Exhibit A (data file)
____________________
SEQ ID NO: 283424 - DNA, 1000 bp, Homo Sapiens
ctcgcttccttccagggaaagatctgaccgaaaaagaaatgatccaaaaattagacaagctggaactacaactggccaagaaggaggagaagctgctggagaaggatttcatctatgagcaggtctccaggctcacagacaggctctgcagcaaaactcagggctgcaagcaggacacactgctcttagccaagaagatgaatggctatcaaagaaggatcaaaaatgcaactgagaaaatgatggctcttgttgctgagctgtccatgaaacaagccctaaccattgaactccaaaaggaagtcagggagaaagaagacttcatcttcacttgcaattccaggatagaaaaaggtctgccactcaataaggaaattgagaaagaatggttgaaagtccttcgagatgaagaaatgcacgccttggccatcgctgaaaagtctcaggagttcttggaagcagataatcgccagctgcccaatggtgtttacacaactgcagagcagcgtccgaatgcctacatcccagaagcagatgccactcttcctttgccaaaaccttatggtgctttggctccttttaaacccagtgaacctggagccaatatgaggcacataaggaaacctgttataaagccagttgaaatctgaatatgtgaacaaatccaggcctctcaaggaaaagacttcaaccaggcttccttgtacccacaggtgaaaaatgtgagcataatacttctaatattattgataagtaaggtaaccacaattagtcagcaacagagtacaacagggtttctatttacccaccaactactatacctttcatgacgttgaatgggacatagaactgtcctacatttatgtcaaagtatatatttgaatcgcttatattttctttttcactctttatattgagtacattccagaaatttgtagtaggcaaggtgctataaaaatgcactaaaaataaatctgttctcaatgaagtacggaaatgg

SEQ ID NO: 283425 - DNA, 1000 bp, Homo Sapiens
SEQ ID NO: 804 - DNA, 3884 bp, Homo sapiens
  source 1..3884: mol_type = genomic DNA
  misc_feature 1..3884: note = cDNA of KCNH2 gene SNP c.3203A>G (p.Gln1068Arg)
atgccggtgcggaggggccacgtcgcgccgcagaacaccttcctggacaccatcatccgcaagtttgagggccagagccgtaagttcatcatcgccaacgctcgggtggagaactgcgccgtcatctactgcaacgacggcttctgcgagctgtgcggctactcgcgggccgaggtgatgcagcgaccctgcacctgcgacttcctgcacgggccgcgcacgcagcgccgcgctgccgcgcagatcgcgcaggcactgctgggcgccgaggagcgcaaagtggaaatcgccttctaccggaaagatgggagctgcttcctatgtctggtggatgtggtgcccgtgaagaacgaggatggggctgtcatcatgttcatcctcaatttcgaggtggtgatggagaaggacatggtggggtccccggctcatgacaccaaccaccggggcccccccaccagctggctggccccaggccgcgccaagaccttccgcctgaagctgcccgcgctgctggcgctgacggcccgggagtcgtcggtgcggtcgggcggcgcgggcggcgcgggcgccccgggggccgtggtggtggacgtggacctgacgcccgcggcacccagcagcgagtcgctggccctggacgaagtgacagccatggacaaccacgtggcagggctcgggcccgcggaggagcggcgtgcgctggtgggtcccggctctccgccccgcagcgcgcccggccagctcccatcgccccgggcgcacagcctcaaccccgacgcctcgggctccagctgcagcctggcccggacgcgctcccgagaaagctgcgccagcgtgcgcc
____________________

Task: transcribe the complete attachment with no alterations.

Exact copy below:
SEQ ID NO: 283424 - DNA, 1000 bp, Homo Sapiens
ctcgcttccttccagggaaagatctgaccgaaaaagaaatgatccaaaaattagacaagctggaactacaactggccaagaaggaggagaagctgctggagaaggatttcatctatgagcaggtctccaggctcacagacaggctctgcagcaaaactcagggctgcaagcaggacacactgctcttagccaagaagatgaatggctatcaaagaaggatcaaaaatgcaactgagaaaatgatggctcttgttgctgagctgtccatgaaacaagccctaaccattgaactccaaaaggaagtcagggagaaagaagacttcatcttcacttgcaattccaggatagaaaaaggtctgccactcaataaggaaattgagaaagaatggttgaaagtccttcgagatgaagaaatgcacgccttggccatcgctgaaaagtctcaggagttcttggaagcagataatcgccagctgcccaatggtgtttacacaactgcagagcagcgtccgaatgcctacatcccagaagcagatgccactcttcctttgccaaaaccttatggtgctttggctccttttaaacccagtgaacctggagccaatatgaggcacataaggaaacctgttataaagccagttgaaatctgaatatgtgaacaaatccaggcctctcaaggaaaagacttcaaccaggcttccttgtacccacaggtgaaaaatgtgagcataatacttctaatattattgataagtaaggtaaccacaattagtcagcaacagagtacaacagggtttctatttacccaccaactactatacctttcatgacgttgaatgggacatagaactgtcctacatttatgtcaaagtatatatttgaatcgcttatattttctttttcactctttatattgagtacattccagaaatttgtagtaggcaaggtgctataaaaatgcactaaaaataaatctgttctcaatgaagtacggaaatgg

SEQ ID NO: 283425 - DNA, 1000 bp, Homo Sapiens
SEQ ID NO: 804 - DNA, 3884 bp, Homo sapiens
  source 1..3884: mol_type = genomic DNA
  misc_feature 1..3884: note = cDNA of KCNH2 gene SNP c.3203A>G (p.Gln1068Arg)
atgccggtgcggaggggccacgtcgcgccgcagaacaccttcctggacaccatcatccgcaagtttgagggccagagccgtaagttcatcatcgccaacgctcgggtggagaactgcgccgtcatctactgcaacgacggcttctgcgagctgtgcggctactcgcgggccgaggtgatgcagcgaccctgcacctgcgacttcctgcacgggccgcgcacgcagcgccgcgctgccgcgcagatcgcgcaggcactgctgggcgccgaggagcgcaaagtggaaatcgccttctaccggaaagatgggagctgcttcctatgtctggtggatgtggtgcccgtgaagaacgaggatggggctgtcatcatgttcatcctcaatttcgaggtggtgatggagaaggacatggtggggtccccggctcatgacaccaaccaccggggcccccccaccagctggctggccccaggccgcgccaagaccttccgcctgaagctgcccgcgctgctggcgctgacggcccgggagtcgtcggtgcggtcgggcggcgcgggcggcgcgggcgccccgggggccgtggtggtggacgtggacctgacgcccgcggcacccagcagcgagtcgctggccctggacgaagtgacagccatggacaaccacgtggcagggctcgggcccgcggaggagcggcgtgcgctggtgggtcccggctctccgccccgcagcgcgcccggccagctcccatcgccccgggcgcacagcctcaaccccgacgcctcgggctccagctgcagcctggcccggacgcgctcccgagaaagctgcgccagcgtgcgcc